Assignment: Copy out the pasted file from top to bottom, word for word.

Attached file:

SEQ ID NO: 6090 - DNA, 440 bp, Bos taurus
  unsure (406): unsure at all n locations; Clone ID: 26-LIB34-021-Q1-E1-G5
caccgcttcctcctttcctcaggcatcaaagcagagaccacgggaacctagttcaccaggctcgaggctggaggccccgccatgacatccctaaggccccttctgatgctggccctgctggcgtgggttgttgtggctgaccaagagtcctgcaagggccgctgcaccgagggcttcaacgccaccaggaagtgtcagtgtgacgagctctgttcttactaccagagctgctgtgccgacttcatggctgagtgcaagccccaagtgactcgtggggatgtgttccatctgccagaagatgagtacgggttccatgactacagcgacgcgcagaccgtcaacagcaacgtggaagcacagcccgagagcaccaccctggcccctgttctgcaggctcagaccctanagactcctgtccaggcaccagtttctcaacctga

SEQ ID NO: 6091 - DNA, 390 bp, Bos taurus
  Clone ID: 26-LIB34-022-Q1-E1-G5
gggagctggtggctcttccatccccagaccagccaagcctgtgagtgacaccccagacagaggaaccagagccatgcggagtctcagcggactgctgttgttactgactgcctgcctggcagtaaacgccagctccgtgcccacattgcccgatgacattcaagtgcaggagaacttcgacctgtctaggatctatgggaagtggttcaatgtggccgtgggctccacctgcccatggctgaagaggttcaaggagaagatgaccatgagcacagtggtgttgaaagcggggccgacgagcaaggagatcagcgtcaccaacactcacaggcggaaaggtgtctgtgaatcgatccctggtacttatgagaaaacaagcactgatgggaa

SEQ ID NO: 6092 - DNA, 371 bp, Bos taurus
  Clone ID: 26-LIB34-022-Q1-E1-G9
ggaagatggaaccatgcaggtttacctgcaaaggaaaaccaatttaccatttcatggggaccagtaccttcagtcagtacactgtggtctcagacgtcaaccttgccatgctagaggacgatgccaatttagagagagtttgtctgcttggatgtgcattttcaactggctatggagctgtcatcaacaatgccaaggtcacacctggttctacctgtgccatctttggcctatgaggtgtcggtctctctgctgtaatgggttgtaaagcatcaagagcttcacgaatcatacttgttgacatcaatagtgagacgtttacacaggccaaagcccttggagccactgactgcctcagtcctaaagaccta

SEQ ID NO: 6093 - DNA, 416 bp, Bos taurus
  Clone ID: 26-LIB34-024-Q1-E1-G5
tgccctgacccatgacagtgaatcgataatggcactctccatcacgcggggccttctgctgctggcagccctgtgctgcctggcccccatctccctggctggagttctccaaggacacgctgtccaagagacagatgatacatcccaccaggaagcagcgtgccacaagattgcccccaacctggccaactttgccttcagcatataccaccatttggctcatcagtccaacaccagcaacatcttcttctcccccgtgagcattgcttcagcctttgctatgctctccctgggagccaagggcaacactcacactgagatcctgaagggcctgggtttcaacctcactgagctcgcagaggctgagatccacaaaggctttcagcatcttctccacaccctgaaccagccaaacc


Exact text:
SEQ ID NO: 6090 - DNA, 440 bp, Bos taurus
  unsure (406): unsure at all n locations; Clone ID: 26-LIB34-021-Q1-E1-G5
caccgcttcctcctttcctcaggcatcaaagcagagaccacgggaacctagttcaccaggctcgaggctggaggccccgccatgacatccctaaggccccttctgatgctggccctgctggcgtgggttgttgtggctgaccaagagtcctgcaagggccgctgcaccgagggcttcaacgccaccaggaagtgtcagtgtgacgagctctgttcttactaccagagctgctgtgccgacttcatggctgagtgcaagccccaagtgactcgtggggatgtgttccatctgccagaagatgagtacgggttccatgactacagcgacgcgcagaccgtcaacagcaacgtggaagcacagcccgagagcaccaccctggcccctgttctgcaggctcagaccctanagactcctgtccaggcaccagtttctcaacctga

SEQ ID NO: 6091 - DNA, 390 bp, Bos taurus
  Clone ID: 26-LIB34-022-Q1-E1-G5
gggagctggtggctcttccatccccagaccagccaagcctgtgagtgacaccccagacagaggaaccagagccatgcggagtctcagcggactgctgttgttactgactgcctgcctggcagtaaacgccagctccgtgcccacattgcccgatgacattcaagtgcaggagaacttcgacctgtctaggatctatgggaagtggttcaatgtggccgtgggctccacctgcccatggctgaagaggttcaaggagaagatgaccatgagcacagtggtgttgaaagcggggccgacgagcaaggagatcagcgtcaccaacactcacaggcggaaaggtgtctgtgaatcgatccctggtacttatgagaaaacaagcactgatgggaa

SEQ ID NO: 6092 - DNA, 371 bp, Bos taurus
  Clone ID: 26-LIB34-022-Q1-E1-G9
ggaagatggaaccatgcaggtttacctgcaaaggaaaaccaatttaccatttcatggggaccagtaccttcagtcagtacactgtggtctcagacgtcaaccttgccatgctagaggacgatgccaatttagagagagtttgtctgcttggatgtgcattttcaactggctatggagctgtcatcaacaatgccaaggtcacacctggttctacctgtgccatctttggcctatgaggtgtcggtctctctgctgtaatgggttgtaaagcatcaagagcttcacgaatcatacttgttgacatcaatagtgagacgtttacacaggccaaagcccttggagccactgactgcctcagtcctaaagaccta

SEQ ID NO: 6093 - DNA, 416 bp, Bos taurus
  Clone ID: 26-LIB34-024-Q1-E1-G5
tgccctgacccatgacagtgaatcgataatggcactctccatcacgcggggccttctgctgctggcagccctgtgctgcctggcccccatctccctggctggagttctccaaggacacgctgtccaagagacagatgatacatcccaccaggaagcagcgtgccacaagattgcccccaacctggccaactttgccttcagcatataccaccatttggctcatcagtccaacaccagcaacatcttcttctcccccgtgagcattgcttcagcctttgctatgctctccctgggagccaagggcaacactcacactgagatcctgaagggcctgggtttcaacctcactgagctcgcagaggctgagatccacaaaggctttcagcatcttctccacaccctgaaccagccaaacc